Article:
Rodney Lewis -The Morrison Government is proposing astounding discrimination against vulnerable aged care residents

Mar 17, 2022
Holding the hand of an elderly person
The legal matters from which Providers are to be immune include both civil claims and criminal charges. Image: Pixabay

When our Parliament is presented with a Bill which removes fundamental rights and liberties of a discrete cohort of Australians only, a cacophony of objections may be expected. In this case however, the victims have no voice.

In the Foreword to the Australian Government’s response to the final report of the Royal Commission into Aged Care the three Ministers responsible, namely the Prime Minister, The Minister for Health Greg Hunt and the Minister for Aged Care Services Senator Colbeck, formed themselves into a small chorus to exclaim:Respect for senior Australians is, and must be, a national priority. Out of respect comes all that we value in the care of our ageing loved ones: dignity… and safety.”

Just short of 6 months later a Bill containing a measure nothing short of astounding for its discrimination against aged care residents was introduced in the Senate with the effect of removing, by an offer of immunity to the Providers, the most basic legal rights which all other Australians enjoy.

 The long title to the Bill is the Aged Care and Other Legislation Amendment (Royal Commission Response No. 2) Bill 2021. The Bill inserts in its 9th schedule, a new section 54-11 into the Aged Care Act which states:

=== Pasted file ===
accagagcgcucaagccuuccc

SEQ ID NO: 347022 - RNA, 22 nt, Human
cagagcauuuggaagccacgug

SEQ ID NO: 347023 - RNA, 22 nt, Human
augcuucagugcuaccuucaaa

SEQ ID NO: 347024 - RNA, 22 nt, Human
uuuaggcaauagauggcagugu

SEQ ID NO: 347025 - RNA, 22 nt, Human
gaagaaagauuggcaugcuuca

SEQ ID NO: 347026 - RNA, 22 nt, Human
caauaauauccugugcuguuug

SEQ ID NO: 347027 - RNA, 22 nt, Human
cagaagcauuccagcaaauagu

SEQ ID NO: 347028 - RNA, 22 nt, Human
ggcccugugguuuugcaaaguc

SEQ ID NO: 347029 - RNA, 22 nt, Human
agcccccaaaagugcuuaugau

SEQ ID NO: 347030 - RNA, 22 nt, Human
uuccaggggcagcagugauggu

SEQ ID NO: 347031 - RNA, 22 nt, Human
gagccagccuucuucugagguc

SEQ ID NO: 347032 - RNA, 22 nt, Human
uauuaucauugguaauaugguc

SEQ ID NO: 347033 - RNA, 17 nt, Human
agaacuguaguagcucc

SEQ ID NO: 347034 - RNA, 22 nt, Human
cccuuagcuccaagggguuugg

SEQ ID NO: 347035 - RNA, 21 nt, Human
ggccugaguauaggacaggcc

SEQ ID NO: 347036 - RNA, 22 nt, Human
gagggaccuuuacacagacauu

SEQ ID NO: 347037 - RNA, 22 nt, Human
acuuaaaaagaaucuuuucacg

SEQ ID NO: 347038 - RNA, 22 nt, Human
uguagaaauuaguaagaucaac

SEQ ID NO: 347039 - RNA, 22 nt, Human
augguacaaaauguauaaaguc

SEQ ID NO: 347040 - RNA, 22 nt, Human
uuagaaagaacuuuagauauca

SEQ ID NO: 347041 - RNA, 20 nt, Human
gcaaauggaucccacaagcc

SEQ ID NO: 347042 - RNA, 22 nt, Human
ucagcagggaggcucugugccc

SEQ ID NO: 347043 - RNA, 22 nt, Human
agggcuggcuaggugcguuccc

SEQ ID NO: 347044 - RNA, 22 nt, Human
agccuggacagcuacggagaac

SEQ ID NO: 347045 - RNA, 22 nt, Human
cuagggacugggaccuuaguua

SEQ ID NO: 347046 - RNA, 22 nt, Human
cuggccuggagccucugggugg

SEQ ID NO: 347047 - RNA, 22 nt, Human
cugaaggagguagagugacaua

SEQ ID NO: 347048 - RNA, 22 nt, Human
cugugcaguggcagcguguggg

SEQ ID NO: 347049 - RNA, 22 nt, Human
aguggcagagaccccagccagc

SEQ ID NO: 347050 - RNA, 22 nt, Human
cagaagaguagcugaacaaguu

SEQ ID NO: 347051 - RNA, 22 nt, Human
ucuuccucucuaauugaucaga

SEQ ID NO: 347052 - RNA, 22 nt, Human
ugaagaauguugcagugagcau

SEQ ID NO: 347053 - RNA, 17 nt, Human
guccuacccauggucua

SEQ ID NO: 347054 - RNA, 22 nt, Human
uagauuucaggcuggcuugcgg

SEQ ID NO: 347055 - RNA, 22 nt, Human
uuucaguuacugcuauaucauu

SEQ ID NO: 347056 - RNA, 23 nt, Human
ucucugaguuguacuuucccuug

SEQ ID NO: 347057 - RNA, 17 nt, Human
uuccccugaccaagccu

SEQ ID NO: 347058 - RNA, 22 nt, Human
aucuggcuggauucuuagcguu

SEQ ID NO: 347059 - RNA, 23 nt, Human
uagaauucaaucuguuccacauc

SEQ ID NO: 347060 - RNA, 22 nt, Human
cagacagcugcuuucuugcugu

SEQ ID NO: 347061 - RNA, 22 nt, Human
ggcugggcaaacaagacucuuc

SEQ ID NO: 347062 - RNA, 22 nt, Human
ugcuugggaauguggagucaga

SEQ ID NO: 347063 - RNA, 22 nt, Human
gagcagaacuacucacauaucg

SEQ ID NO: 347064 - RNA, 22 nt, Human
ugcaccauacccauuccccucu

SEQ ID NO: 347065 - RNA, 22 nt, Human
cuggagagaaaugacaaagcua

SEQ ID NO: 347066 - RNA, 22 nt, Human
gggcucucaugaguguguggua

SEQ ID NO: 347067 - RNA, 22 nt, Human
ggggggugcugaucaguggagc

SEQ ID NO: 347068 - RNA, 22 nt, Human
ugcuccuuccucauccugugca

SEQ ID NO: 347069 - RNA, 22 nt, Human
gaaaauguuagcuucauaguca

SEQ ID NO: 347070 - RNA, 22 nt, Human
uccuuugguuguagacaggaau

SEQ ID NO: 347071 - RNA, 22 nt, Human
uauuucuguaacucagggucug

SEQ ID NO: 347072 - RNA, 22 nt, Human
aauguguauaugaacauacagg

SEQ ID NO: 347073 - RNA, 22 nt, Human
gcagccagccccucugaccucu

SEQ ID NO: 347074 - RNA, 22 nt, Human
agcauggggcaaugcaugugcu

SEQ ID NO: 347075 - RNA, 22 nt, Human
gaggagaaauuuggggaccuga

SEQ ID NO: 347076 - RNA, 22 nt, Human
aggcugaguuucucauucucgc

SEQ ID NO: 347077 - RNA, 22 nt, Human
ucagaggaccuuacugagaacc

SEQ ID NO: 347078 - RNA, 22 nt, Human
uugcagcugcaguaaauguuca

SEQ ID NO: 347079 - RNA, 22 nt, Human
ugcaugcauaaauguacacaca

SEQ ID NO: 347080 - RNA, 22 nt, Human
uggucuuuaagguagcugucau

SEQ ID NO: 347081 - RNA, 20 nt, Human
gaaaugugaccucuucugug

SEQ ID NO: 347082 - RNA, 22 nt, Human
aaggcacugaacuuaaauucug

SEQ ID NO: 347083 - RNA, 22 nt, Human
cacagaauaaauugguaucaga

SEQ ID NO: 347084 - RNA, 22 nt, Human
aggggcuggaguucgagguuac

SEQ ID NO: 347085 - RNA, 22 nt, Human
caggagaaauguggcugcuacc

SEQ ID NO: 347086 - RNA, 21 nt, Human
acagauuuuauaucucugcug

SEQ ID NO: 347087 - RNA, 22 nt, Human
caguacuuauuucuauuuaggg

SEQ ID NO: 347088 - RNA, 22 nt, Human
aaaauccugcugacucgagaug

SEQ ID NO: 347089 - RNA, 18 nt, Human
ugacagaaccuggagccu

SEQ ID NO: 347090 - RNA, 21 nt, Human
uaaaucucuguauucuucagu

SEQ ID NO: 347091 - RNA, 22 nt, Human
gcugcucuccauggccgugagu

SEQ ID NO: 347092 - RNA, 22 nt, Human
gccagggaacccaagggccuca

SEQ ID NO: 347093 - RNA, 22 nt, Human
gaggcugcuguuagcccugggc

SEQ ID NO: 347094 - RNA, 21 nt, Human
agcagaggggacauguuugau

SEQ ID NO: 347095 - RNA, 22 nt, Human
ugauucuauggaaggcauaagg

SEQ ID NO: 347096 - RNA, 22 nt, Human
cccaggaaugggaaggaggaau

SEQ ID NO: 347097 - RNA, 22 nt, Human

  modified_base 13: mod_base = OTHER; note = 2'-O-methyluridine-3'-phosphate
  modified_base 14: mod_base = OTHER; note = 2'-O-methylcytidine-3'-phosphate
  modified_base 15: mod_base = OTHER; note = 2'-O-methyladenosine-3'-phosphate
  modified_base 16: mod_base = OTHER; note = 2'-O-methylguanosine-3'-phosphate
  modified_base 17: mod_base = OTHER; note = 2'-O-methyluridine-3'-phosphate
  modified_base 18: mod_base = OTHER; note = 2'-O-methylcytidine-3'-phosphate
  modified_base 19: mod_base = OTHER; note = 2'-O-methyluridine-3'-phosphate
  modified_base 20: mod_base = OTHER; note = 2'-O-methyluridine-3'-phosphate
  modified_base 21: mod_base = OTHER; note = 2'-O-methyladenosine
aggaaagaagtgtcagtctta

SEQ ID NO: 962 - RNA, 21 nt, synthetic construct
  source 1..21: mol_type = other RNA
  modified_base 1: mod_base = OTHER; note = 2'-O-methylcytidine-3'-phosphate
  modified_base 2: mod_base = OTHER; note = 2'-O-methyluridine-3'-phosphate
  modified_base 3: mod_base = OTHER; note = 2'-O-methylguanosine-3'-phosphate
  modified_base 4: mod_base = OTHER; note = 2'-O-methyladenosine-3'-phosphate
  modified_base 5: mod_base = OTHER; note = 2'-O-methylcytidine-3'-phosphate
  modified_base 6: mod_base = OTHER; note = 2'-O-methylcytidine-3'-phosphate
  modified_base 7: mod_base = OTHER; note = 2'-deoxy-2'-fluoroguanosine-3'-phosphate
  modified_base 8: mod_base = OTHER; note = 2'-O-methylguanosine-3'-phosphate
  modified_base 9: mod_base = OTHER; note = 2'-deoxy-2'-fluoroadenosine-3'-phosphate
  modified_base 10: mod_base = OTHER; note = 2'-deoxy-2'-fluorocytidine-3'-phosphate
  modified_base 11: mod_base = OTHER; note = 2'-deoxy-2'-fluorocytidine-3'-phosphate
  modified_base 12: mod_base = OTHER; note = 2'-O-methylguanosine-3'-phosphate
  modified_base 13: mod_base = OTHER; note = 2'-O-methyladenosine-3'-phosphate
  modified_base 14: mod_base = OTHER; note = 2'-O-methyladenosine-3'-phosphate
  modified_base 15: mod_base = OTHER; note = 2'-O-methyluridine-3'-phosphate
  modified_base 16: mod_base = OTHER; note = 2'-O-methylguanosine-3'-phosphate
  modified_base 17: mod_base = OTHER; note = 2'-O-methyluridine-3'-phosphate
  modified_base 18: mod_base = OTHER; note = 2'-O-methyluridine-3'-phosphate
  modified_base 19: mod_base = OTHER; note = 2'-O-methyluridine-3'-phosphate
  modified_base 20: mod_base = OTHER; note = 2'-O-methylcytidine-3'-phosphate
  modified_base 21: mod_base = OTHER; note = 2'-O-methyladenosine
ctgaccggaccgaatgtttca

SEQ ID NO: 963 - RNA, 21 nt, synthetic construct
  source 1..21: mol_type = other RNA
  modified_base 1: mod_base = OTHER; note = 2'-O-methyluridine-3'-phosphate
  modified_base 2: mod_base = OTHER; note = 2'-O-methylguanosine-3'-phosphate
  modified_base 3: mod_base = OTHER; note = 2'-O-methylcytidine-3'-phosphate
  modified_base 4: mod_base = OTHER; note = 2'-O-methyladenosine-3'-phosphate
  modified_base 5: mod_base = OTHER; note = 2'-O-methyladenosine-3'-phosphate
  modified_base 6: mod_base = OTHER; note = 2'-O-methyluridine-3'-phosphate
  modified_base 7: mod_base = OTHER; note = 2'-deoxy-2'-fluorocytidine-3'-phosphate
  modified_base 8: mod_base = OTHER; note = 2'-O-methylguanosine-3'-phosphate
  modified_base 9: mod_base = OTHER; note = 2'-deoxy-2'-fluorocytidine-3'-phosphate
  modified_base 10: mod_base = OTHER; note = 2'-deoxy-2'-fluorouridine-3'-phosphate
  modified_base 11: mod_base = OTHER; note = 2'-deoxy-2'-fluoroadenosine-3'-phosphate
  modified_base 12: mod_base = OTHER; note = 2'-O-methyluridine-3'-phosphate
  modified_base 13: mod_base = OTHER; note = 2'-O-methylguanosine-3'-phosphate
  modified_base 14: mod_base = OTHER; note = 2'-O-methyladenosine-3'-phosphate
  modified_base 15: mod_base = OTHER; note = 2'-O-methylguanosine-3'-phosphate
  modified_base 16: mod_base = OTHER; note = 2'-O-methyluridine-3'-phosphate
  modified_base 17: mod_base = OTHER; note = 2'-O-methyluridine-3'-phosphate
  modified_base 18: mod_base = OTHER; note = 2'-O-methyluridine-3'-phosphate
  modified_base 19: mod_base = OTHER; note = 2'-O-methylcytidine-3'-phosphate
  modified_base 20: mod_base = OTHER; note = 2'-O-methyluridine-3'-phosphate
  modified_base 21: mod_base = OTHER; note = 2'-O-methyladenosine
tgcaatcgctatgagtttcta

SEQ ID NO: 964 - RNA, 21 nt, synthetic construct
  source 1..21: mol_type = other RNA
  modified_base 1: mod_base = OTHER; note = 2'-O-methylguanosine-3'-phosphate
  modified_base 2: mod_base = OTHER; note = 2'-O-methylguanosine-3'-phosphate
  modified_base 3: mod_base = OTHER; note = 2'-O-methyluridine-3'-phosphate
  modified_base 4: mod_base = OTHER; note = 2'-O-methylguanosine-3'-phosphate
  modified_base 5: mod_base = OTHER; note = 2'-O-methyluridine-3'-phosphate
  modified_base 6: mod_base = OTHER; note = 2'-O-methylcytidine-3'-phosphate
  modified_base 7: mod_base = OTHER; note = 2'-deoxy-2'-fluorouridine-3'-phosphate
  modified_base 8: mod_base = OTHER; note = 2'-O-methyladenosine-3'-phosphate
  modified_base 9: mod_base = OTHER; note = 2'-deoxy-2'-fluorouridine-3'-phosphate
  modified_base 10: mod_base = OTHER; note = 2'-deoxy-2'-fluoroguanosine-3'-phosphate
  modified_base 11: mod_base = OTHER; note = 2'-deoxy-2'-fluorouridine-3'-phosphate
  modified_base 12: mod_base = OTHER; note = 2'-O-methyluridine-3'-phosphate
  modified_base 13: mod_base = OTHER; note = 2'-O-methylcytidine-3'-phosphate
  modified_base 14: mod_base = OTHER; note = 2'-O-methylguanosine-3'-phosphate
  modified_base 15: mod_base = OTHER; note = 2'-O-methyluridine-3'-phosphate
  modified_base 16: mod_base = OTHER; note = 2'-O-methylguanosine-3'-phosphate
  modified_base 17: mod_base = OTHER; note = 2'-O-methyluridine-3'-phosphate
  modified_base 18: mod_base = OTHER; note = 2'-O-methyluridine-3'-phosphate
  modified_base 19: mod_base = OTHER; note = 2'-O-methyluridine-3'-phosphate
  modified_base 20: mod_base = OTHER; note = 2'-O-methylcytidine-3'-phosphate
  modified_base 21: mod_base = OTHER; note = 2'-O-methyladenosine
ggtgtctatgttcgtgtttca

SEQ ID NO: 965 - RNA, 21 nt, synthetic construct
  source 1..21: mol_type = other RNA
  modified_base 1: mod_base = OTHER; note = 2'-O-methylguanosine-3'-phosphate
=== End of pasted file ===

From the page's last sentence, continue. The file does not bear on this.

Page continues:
54-11 Immunity from civil or criminal liability in relation to the use of a restrictive practice in certain circumstances

(1) This section applies if:

(a) an approved provider provides aged care … to a care recipient; and

(b) a restrictive practice is used in relation to the care recipient; and

(c) the care recipient lacked capacity to give informed consent to the use of the restrictive practice.

(2) A *protected entity is not subject to any civil or criminal liability for, or in relation to, the use of the *restrictive practice in relation to the care recipient if:

(a) informed consent … was given by a person or body specified in the Quality of Care Principles …; and

(b) the restrictive practice was used in the circumstances set out in the Quality of Care Principles made for the purposes of paragraph 54-1(1)(f).

The Bill then defines who is an authorised entity as an aged care provider or an individual who used, or assisted in the use of, the restrictive practice. The latter will probably include nursing and carer staff of the Provider and medical practitioners.

The qualifier upon which the immunity depends is Provider compliance with the Quality of Care Principles which is of no comfort at all, since overwhelming non-compliance with the Quality of Care Principles was a leading issue resulting in the appointment of the Royal Commission into Aged Care, in the first place.

The rationale made out by the Department of Health that consent is very hard to understand and to achieve from the lawful representative of the person because of differing State and Territory laws is specious. The problem of lack of knowledge among aged care Providers is something which has been around for decades and pre-dates the Aged Care Act. To meet that ignorance with immunity as the solution is no solution at all.

This offer of immunity was not recommended by the Royal Commissioners, neither was it referred to in the Commonwealth’s Response to the Royal Commissioners. It comes as a surprise package with minimal opportunity for public debate.

Commonwealth overreaching its constitutional powers

This particular Bill has many underlying faults, not the least of which is it appears to represent a serious example of constitutional overreach by the Commonwealth.